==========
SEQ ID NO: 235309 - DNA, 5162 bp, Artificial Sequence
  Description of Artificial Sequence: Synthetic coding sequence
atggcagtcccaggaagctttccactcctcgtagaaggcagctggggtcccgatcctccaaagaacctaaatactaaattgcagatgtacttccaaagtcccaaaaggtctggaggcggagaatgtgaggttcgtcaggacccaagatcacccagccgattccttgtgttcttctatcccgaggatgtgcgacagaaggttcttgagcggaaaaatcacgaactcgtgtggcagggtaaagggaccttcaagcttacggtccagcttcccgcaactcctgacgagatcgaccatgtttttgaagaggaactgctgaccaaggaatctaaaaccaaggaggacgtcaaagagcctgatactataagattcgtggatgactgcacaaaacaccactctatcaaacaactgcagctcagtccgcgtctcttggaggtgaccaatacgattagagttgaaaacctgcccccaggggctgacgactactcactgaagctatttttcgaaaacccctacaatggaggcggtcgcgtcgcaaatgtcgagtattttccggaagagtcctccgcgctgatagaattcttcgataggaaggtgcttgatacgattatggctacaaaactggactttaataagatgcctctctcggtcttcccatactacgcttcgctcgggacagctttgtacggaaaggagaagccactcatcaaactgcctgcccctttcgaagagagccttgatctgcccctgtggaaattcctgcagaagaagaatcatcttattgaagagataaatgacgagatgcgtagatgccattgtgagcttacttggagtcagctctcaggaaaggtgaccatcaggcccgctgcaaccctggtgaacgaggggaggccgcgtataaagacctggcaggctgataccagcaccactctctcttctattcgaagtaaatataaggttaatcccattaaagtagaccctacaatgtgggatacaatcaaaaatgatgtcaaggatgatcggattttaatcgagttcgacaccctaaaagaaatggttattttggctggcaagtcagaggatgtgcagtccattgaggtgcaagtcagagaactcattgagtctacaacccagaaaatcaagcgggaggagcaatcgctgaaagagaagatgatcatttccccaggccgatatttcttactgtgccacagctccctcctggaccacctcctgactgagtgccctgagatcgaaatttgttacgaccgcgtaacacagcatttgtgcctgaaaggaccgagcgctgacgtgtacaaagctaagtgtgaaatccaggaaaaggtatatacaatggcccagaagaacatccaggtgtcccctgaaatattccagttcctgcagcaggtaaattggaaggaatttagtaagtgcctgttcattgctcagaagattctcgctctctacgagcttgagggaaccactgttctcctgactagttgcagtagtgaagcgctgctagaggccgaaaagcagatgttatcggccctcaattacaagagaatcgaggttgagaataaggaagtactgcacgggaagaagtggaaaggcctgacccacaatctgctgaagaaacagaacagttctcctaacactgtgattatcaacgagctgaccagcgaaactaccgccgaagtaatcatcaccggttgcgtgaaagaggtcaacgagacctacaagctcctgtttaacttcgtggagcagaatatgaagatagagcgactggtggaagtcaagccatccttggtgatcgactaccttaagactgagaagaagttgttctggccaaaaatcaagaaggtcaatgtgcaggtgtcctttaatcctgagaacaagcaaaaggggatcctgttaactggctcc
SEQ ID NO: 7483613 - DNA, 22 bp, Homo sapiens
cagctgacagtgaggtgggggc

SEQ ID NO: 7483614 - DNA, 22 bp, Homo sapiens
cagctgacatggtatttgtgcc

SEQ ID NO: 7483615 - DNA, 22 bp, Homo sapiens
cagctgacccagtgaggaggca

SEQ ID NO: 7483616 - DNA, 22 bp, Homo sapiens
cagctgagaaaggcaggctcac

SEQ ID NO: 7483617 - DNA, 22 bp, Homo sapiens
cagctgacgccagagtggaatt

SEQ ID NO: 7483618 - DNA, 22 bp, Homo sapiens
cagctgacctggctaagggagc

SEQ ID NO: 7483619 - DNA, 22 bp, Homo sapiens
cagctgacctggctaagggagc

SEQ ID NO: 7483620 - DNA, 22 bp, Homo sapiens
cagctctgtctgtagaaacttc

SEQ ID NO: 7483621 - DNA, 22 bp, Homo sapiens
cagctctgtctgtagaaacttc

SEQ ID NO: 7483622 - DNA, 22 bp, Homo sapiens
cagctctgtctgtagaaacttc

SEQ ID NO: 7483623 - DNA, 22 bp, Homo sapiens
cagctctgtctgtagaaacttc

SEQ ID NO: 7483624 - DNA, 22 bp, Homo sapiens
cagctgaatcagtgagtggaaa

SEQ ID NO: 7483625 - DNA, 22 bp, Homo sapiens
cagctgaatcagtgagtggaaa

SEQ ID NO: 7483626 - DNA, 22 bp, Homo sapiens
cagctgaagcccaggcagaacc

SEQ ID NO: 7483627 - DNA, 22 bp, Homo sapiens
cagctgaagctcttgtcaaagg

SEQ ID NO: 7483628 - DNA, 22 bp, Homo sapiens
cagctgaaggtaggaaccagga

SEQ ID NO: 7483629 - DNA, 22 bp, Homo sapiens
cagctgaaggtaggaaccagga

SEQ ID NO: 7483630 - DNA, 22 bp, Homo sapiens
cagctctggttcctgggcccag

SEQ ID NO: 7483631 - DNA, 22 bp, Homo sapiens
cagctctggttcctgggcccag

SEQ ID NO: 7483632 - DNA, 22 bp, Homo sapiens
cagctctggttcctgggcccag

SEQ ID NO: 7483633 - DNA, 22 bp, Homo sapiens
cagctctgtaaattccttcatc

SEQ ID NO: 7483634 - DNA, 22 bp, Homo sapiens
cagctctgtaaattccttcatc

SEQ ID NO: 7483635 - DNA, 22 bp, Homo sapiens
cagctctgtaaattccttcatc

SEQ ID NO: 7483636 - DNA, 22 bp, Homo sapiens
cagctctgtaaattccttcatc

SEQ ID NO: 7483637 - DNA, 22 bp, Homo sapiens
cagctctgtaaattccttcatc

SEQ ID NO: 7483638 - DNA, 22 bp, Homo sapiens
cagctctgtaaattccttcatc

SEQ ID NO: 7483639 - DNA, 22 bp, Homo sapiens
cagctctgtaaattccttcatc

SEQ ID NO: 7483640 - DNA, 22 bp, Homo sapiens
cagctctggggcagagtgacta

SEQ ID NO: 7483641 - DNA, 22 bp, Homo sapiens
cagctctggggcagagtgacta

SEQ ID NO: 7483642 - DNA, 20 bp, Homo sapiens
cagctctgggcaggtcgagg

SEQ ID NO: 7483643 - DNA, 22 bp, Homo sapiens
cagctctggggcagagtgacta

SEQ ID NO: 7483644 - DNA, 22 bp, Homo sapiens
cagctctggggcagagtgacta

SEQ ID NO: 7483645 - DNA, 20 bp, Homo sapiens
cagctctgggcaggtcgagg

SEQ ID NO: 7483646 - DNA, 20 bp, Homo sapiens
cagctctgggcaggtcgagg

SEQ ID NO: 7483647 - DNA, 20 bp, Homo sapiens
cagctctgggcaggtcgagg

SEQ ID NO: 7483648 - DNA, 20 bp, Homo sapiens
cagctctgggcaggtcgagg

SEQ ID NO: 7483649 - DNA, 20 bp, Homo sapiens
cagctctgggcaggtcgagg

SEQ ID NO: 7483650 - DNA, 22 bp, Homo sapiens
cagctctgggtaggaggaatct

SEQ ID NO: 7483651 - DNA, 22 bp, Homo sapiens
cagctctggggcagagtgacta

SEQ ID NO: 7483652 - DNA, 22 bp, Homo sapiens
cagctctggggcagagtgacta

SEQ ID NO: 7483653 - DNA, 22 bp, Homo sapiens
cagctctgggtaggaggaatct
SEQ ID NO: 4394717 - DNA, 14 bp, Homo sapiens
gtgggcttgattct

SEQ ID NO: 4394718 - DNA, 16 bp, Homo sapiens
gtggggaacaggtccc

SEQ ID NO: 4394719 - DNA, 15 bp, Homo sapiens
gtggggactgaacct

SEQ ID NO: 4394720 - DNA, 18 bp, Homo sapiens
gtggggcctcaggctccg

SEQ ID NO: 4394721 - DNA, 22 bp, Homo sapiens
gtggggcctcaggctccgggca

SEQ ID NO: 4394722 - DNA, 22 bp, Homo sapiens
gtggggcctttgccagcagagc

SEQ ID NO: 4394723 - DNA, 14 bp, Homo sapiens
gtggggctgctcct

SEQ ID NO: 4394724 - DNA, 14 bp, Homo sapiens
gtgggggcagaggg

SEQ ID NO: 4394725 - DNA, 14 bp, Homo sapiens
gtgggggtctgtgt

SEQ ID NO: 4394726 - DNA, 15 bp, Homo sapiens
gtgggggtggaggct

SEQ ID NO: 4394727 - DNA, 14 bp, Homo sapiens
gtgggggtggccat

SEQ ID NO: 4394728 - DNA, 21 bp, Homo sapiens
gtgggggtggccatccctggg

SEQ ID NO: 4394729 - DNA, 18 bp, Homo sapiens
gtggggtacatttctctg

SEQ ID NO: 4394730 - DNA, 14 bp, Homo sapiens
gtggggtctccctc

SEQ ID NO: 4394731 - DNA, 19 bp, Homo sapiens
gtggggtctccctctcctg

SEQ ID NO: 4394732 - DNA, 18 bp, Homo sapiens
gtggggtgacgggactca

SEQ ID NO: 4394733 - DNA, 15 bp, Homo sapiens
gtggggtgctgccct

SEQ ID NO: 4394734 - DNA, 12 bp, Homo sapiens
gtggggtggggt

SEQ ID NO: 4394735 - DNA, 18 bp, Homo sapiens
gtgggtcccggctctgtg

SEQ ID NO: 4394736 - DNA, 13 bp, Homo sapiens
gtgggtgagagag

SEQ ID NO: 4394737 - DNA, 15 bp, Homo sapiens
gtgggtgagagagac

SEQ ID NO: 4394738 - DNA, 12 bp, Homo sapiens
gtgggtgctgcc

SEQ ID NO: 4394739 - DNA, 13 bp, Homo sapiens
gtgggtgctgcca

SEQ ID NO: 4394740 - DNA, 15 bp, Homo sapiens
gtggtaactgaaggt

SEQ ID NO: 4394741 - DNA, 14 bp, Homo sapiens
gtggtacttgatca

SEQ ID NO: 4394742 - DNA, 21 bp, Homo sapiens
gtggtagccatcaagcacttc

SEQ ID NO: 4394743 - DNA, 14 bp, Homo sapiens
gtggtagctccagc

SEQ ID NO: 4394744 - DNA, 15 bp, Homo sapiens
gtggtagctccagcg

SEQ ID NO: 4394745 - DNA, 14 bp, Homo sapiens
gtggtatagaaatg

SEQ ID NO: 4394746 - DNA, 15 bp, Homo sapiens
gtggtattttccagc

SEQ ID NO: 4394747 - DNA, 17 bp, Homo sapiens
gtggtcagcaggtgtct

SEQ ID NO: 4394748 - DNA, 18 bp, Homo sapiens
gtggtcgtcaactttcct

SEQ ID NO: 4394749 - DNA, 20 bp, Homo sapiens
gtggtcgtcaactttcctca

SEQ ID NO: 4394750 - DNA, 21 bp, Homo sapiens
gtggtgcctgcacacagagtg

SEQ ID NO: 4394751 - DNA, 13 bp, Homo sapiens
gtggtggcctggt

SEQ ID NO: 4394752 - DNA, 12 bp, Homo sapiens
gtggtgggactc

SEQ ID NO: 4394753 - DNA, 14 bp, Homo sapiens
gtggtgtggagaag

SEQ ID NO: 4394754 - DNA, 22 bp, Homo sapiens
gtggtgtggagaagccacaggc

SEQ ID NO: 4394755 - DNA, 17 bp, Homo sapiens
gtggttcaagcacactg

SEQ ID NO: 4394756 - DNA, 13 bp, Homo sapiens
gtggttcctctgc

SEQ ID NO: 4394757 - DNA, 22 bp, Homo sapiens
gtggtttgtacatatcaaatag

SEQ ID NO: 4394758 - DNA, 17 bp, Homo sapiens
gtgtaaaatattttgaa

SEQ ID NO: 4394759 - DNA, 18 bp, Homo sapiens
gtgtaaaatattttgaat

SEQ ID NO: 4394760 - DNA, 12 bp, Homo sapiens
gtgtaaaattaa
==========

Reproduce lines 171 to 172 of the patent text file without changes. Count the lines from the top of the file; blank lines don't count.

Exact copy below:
gtgtaaaatattttgaat

SEQ ID NO: 4394760 - DNA, 12 bp, Homo sapiens